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This accessible new text introduces the theoretical concepts and tools essential for graduate-level courses on the physics of materials in condensed matter physics, physical chemistry, materials science and engineering, and chemical engineering. Topics covered range from fundamentals such as crystal periodicity and symmetry, and derivation of single-particle equations, to modern additions including graphene, two-dimensional solids, carbon nanotubes, topological states, and Hall physics. Advanced topics such as phonon interactions with phonons, photons and electrons, and magnetism, are presented in an accessible way, and a set of appendices reviewing crucial fundamental physics and mathematical tools makes this text suitable for students from a range of backgrounds. Students will benefit from the emphasis on translating theory into practice, with worked examples explaining experimental observations, applications illustrating how theoretical concepts can be applied to real research problems, and 242 informative full color illustrations. End-of chapter exercises are included for homework and self-study, with solutions and lecture slides for instructors available online.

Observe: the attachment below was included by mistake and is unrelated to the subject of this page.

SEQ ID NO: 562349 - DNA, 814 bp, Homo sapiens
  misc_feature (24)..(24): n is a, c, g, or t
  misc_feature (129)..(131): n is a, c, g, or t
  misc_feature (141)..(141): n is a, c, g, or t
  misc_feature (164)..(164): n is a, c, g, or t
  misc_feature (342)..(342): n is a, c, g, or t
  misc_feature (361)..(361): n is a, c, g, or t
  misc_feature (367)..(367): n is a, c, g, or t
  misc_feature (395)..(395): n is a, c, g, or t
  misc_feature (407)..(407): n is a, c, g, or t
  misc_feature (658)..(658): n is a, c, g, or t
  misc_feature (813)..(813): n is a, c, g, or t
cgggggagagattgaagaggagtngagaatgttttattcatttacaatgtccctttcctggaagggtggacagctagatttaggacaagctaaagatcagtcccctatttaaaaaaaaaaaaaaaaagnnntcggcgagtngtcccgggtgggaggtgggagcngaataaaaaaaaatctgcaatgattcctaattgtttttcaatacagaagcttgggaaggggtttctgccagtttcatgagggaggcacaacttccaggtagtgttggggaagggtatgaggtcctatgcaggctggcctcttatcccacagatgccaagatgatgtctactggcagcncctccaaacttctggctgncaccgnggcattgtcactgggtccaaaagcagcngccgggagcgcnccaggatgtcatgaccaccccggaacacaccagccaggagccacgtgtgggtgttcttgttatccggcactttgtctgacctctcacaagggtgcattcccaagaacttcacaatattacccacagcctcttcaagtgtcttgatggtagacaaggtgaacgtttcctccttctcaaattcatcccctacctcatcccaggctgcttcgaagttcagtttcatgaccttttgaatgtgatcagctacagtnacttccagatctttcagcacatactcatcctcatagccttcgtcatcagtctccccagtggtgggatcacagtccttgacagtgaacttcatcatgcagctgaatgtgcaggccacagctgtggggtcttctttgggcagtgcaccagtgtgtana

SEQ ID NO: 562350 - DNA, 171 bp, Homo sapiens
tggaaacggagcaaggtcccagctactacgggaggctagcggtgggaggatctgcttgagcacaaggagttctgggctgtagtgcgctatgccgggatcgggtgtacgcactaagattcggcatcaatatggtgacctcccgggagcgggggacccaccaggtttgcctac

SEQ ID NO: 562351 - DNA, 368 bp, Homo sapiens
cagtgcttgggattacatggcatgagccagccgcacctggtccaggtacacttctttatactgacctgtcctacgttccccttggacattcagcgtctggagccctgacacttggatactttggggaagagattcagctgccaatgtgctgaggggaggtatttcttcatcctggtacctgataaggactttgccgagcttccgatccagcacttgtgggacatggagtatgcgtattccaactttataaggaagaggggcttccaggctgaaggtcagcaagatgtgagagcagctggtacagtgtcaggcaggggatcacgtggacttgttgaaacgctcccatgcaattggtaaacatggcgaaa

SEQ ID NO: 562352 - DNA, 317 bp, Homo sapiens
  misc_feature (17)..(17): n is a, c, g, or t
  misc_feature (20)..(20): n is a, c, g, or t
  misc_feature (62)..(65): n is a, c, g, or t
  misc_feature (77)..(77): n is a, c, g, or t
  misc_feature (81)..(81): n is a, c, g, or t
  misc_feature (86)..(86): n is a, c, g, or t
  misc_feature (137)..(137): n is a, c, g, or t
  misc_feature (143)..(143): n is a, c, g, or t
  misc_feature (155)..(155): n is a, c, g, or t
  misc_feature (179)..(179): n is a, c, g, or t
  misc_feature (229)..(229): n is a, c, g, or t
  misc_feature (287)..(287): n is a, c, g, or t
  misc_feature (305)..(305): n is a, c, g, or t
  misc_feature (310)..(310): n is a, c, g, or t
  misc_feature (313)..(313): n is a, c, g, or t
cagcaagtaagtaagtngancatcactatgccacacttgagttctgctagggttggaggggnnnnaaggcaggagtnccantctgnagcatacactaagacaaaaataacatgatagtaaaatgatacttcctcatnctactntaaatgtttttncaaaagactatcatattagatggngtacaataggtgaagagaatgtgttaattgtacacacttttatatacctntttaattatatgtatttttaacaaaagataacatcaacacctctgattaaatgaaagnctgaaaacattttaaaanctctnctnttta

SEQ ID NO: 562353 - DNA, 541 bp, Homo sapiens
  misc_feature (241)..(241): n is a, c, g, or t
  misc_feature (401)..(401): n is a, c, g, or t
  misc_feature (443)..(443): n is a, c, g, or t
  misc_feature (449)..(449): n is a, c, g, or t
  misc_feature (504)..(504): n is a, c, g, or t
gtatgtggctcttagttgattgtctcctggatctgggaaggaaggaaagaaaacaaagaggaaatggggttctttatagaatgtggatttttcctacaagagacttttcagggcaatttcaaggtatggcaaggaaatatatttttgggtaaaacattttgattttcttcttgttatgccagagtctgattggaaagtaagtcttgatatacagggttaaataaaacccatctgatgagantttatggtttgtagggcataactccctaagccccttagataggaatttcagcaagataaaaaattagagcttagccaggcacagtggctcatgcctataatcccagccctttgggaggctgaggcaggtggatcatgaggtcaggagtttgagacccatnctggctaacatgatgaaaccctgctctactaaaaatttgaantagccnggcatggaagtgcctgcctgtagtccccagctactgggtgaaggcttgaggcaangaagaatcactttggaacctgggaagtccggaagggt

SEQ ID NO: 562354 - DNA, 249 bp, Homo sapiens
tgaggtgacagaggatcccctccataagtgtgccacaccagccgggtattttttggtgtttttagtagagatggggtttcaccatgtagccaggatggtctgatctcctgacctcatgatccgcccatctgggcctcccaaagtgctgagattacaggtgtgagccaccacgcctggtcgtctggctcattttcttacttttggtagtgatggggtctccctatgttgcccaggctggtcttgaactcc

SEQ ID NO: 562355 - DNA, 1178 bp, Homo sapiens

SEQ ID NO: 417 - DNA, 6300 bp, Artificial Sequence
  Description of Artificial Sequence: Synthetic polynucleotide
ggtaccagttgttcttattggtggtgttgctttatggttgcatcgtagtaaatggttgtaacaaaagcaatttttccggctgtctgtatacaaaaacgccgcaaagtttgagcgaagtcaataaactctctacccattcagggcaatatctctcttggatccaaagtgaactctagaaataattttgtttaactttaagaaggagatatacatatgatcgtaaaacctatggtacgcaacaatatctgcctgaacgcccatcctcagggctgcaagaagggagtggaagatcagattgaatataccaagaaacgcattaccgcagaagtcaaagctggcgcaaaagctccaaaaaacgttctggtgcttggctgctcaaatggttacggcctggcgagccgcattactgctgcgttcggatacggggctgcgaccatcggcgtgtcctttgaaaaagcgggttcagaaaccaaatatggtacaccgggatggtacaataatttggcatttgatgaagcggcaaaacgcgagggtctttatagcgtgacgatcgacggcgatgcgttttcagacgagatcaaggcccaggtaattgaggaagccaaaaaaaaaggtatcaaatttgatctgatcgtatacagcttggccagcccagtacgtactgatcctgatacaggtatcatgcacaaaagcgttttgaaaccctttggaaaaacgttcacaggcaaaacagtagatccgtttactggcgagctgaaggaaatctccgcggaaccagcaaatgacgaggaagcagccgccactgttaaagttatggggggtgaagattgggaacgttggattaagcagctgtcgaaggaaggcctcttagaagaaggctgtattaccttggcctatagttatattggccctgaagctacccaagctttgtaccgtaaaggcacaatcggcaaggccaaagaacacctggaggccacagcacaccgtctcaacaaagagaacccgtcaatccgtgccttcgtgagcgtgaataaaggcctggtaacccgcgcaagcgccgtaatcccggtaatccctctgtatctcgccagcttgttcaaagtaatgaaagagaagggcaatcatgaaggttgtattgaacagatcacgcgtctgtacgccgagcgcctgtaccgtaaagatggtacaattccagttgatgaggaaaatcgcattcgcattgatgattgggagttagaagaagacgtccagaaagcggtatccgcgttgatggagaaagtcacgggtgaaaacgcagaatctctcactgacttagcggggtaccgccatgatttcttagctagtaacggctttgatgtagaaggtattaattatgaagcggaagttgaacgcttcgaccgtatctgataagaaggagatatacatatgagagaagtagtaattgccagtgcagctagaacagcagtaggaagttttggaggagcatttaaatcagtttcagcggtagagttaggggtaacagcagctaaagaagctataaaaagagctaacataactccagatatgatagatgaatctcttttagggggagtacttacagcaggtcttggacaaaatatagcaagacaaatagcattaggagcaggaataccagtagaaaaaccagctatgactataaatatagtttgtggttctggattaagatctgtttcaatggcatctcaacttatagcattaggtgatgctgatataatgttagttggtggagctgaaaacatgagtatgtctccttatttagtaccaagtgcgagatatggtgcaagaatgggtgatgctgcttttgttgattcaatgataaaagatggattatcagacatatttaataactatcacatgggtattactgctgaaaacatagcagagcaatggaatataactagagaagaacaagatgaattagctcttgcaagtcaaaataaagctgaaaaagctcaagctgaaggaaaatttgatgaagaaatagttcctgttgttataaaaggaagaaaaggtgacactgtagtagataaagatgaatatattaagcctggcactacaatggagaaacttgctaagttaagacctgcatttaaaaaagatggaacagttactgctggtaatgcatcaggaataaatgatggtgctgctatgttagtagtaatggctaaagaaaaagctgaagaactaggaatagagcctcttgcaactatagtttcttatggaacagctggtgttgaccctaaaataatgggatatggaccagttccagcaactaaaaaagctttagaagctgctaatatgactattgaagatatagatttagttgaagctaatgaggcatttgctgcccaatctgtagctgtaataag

Modern Condensed Matter Physics brings together the most important advances in the field of recent decades. It provides instructors teaching graduate-level condensed matter courses with a comprehensive and in-depth textbook that will prepare graduate students for research or further study as well as reading more advanced and specialized books and research literature in the field. This textbook covers the basics of crystalline solids as well as analogous optical lattices and photonic crystals, while discussing cutting-edge topics such as disordered systems, mesoscopic systems, many-body systems, quantum magnetism, Bose-Einstein condensates, quantum entanglement, and superconducting quantum bits. Students are provided with the appropriate mathematical background to understand the topological concepts that have been permeating the field, together with numerous physical examples ranging from the fractional quantum Hall effect to topological insulators, the toric code, and majorana fermions. Exercises, commentary boxes, and appendices afford guidance and feedback for beginners and experts alike.